WHO and the Ministry of Health strategize for the next five years to improve the immunization system in South Sudan
An effective, evenly targeted immunization programme and its ability to reduce the burden of vaccine-preventable diseases (VPDs) will greatly contribute to achieving the Sustainable Development Goal 3 (ensure healthy lives and promote wellbeing for all at all ages) that aims to end preventable deaths of newborns and children under 5 years of age to at least as low as 12 per 1000 live births and 25 per 1000 live births respectively.
The benefits of vaccination have been comprehensively proven; however, disparities in coverage persist because of poor health system management, limited resources, and parental knowledge and attitudes.
To identify the strategic directions required to bridge the gaps in low uptake of vaccination and related inequities, WHO South Sudan in partnership with the MoH, UNICEF and other partners gathered from 17 to 20 October 2017 to analyze the current situation based on the recommendations of the just ended comprehensive Expanded Programme on Immunization (EPI) and Vaccine Preventable Diseases (VPD) Surveillance review.
The experts from the immunization programme discussed key strategies related to programme management, service delivery, vaccines, cold chain and logistics, communication and social mobilization, surveillance as well as data quality improvement to develop the comprehensive Multi-Year Plan for 2018 – 2022 (cMYP). The cMYP is the strategic plan for the National Immunization programme.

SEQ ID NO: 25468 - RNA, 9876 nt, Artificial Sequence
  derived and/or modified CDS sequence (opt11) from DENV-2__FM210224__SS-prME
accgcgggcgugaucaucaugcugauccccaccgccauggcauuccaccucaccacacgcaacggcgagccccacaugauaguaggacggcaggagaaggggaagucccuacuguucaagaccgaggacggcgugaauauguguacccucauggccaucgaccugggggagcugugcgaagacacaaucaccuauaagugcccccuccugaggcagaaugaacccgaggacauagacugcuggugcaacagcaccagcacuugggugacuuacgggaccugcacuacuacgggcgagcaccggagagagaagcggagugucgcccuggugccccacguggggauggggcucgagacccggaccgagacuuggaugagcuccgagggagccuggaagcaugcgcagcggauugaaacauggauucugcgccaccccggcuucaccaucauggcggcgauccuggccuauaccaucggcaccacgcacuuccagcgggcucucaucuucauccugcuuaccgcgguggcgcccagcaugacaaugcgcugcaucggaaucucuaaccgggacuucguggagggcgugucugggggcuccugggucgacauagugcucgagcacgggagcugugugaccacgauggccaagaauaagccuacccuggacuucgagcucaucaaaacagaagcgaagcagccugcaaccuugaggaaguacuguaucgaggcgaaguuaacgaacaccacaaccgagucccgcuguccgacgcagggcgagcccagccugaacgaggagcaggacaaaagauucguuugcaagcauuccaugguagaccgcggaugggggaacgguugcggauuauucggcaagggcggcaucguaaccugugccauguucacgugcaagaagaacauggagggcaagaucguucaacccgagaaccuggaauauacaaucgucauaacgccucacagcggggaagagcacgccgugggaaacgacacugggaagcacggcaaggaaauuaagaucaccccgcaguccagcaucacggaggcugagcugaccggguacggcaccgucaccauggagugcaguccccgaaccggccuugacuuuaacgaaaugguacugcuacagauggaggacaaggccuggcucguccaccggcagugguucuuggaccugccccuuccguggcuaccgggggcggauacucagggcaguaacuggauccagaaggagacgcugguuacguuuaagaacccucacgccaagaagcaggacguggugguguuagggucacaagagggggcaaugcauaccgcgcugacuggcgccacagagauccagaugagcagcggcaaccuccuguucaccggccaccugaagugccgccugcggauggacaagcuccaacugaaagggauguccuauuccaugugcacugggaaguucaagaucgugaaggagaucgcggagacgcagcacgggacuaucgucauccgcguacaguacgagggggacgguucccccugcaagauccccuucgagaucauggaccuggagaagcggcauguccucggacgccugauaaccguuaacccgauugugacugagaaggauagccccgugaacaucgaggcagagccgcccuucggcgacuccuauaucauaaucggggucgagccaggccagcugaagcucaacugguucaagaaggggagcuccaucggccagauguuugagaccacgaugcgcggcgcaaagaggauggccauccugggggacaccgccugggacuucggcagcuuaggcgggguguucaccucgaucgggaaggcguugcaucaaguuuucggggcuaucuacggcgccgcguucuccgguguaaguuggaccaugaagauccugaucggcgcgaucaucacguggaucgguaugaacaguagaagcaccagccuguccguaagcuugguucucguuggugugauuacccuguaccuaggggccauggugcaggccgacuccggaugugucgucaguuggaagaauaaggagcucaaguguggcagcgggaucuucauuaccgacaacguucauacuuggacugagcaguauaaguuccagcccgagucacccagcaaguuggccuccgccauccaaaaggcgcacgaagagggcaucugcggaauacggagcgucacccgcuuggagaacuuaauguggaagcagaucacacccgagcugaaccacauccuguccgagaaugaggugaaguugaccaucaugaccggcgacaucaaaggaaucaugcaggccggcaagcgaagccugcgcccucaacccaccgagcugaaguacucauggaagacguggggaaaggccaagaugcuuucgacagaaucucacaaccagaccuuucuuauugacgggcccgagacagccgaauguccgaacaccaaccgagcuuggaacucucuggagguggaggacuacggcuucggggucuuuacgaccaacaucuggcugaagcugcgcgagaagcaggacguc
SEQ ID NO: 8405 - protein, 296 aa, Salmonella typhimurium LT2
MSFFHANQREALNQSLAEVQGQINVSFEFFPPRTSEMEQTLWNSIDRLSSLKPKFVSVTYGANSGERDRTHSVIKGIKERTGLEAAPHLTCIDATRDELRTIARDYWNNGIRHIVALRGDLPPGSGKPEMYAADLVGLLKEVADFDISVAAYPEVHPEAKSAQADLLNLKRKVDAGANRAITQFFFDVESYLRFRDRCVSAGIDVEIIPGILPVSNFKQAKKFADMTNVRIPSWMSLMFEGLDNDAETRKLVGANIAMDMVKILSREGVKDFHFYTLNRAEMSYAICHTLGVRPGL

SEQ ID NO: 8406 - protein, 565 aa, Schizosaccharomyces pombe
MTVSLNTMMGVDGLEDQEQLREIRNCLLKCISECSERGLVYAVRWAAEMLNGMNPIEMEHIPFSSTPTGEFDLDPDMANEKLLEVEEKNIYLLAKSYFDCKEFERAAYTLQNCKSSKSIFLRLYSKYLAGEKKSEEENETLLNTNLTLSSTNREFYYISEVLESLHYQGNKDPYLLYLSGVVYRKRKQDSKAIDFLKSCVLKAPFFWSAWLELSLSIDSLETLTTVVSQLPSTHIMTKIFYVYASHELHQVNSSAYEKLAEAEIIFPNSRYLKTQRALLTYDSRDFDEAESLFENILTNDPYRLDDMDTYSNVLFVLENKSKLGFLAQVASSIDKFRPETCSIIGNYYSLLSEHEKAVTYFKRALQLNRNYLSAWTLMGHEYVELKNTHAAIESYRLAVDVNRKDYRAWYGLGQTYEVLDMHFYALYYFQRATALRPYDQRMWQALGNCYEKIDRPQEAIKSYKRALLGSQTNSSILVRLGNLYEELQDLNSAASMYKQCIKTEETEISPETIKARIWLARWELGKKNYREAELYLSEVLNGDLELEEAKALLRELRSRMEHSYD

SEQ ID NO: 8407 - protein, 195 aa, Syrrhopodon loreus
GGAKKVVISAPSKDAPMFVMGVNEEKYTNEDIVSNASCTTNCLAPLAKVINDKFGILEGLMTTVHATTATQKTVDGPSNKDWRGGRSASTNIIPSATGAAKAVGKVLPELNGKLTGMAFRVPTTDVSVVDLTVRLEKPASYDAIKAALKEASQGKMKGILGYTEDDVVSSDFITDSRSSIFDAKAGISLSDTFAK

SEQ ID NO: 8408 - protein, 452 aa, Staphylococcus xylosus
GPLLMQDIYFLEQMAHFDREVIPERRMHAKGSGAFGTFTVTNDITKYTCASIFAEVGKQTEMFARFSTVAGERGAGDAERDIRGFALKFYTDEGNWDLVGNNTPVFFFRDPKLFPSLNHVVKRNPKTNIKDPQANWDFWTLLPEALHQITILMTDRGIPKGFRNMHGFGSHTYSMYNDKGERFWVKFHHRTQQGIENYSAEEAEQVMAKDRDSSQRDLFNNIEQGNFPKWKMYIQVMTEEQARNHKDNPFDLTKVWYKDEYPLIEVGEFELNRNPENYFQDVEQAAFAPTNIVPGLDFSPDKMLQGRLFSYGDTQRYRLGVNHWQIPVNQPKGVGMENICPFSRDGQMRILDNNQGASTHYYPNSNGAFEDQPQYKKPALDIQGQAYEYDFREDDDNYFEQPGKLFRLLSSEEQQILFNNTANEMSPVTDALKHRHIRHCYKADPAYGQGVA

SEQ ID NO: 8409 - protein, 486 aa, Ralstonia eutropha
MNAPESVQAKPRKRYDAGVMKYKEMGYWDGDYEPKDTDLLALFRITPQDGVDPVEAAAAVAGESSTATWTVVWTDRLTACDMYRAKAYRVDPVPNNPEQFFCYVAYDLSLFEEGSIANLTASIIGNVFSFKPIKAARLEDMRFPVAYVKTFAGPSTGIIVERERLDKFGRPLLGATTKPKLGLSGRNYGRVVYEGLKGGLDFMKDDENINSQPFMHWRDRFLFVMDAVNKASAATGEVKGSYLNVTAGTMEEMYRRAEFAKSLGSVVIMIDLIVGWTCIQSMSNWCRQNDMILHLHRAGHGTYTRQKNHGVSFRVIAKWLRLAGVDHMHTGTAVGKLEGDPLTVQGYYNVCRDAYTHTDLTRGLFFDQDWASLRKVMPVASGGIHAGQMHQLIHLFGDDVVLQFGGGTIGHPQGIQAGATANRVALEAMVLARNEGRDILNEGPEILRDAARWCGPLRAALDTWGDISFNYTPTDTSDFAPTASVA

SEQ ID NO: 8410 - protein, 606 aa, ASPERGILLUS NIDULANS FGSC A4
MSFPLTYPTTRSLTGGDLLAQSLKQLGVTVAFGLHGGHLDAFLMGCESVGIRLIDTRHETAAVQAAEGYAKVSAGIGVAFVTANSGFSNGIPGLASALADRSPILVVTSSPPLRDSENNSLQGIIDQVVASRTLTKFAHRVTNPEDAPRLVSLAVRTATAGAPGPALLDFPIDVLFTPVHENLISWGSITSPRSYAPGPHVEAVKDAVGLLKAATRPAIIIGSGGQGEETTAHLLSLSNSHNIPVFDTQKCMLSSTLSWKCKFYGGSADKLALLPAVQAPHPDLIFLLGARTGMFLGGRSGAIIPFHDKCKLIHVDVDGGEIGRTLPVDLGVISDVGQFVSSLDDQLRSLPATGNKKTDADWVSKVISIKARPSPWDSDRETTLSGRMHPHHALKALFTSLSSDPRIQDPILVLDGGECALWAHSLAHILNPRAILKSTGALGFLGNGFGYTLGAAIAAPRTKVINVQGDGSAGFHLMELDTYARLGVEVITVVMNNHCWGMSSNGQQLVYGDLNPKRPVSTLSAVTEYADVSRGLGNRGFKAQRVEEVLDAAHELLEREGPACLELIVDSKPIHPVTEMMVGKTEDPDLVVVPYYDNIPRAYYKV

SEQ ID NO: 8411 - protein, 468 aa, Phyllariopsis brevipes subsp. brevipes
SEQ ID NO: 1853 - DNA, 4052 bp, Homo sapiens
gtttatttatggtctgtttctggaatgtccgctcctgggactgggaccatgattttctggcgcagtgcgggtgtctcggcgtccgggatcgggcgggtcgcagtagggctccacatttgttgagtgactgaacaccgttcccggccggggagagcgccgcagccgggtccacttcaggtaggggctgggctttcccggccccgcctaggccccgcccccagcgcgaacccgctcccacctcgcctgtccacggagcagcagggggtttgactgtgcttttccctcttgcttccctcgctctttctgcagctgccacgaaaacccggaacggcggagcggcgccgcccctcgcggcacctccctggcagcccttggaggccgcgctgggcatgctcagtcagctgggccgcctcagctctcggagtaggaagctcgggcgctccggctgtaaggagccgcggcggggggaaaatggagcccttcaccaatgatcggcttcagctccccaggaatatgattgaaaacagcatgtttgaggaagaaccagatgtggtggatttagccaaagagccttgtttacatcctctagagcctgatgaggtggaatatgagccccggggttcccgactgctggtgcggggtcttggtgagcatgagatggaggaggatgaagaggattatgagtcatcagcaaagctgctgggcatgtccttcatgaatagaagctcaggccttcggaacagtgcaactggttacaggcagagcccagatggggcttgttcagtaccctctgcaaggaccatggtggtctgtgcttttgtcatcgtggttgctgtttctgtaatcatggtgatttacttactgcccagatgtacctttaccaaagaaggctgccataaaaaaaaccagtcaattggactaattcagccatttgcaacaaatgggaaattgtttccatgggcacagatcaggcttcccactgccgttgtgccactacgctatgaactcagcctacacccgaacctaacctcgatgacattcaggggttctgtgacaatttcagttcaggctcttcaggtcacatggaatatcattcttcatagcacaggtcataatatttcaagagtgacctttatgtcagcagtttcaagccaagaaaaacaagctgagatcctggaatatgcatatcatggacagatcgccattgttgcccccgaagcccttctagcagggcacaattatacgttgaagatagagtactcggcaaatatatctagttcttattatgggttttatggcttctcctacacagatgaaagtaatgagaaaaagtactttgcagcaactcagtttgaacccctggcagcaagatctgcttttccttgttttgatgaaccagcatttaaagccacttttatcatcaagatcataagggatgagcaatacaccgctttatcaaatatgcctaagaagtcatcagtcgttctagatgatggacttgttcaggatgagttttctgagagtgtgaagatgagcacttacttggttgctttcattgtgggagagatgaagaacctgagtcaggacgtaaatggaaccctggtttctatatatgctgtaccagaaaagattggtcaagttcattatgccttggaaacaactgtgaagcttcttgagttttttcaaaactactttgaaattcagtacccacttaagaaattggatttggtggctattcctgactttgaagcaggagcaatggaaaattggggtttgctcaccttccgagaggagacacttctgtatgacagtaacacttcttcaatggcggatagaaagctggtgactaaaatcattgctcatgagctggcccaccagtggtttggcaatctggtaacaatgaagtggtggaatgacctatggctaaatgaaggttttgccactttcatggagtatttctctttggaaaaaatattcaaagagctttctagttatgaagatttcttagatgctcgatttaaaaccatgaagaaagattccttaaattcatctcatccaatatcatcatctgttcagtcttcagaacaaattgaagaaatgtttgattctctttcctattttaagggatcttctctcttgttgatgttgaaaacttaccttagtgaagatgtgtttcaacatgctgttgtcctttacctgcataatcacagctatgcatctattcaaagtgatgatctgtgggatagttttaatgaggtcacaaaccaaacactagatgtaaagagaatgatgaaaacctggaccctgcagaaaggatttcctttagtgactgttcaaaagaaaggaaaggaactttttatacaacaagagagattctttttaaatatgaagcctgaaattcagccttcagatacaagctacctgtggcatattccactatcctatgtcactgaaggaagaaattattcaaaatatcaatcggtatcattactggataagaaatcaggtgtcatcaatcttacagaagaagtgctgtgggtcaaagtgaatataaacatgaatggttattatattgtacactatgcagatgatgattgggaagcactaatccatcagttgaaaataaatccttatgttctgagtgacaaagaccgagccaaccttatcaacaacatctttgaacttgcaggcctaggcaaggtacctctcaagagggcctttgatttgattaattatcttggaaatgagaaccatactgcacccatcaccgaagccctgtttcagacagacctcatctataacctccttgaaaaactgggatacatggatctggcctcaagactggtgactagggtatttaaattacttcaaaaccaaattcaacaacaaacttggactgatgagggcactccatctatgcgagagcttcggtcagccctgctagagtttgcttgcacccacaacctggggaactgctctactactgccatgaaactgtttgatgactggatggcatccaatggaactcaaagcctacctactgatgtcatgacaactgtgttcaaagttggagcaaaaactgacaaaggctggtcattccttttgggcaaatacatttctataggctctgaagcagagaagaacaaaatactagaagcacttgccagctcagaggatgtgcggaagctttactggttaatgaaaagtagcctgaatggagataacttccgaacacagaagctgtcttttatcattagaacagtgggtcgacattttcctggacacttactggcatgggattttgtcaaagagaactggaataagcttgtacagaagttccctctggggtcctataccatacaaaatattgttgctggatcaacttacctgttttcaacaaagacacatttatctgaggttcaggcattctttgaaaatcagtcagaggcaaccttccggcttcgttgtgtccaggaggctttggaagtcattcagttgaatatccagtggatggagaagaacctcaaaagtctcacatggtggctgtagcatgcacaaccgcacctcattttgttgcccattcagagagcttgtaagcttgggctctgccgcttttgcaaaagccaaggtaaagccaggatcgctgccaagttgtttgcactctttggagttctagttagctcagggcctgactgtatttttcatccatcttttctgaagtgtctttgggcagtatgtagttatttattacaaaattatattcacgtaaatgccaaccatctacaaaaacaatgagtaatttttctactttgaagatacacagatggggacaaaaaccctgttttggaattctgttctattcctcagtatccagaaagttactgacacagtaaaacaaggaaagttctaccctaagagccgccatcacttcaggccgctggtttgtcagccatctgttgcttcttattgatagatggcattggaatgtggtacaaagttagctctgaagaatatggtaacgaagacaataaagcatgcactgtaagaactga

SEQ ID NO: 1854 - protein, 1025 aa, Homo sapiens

Dr. Samson Baba, Special Advisor to the Minister of Health acknowledged the role of WHO and partners’ in supporting immunisation system improvement efforts. The Government remains commitment to the Addis Abba Declaration, and related strategic documents in Africa and Globally, underscored Dr Baba. There is need to provide actionable strategies noting the challenges currently faced by the health sector. We need partners support to keep the communities resilient to continue providing immunisation services to the women and children.
The process will also culminate in addressing associated health system gaps including human resources and immunization financings. Strategies for mobilizing resources to increase coverage and at the same time build reserved capacities to sustain achievements gained would be identified and planned for the next 5 years.
“ In line with the Health Sector Policy and Strategy, the National Immunisation programme needs to Identify and plan for effective strategies necessary to optimize uptake of vaccination in the next five years”, said Mr Kofi Boateng, WHO EPI Focal Point.
Vaccination has been described as one of the greatest public health achievements of the twentieth century and is widely seen as a worthwhile and cost-effective public health measure.
“South Sudan requires huge investments and sacrifices to ensure that women and children are reached with potent vaccines” Dr. Petu Amos
Many children are still not reached with potent vaccines due to the weak and fragile nature of the health system.
“Vaccinations are important to protect children from potentially serious and preventable diseases, said Mr Evans Liyosi, WHO Representative a.i. to South Sudan. WHO is committed to work with the MoH and partners to maximize routine vaccination uptake.
The Ministry of Health with support from WHO and partners conducted the comprehensive EPI and VPD surveillance review from 25 September to 5 October 2017.
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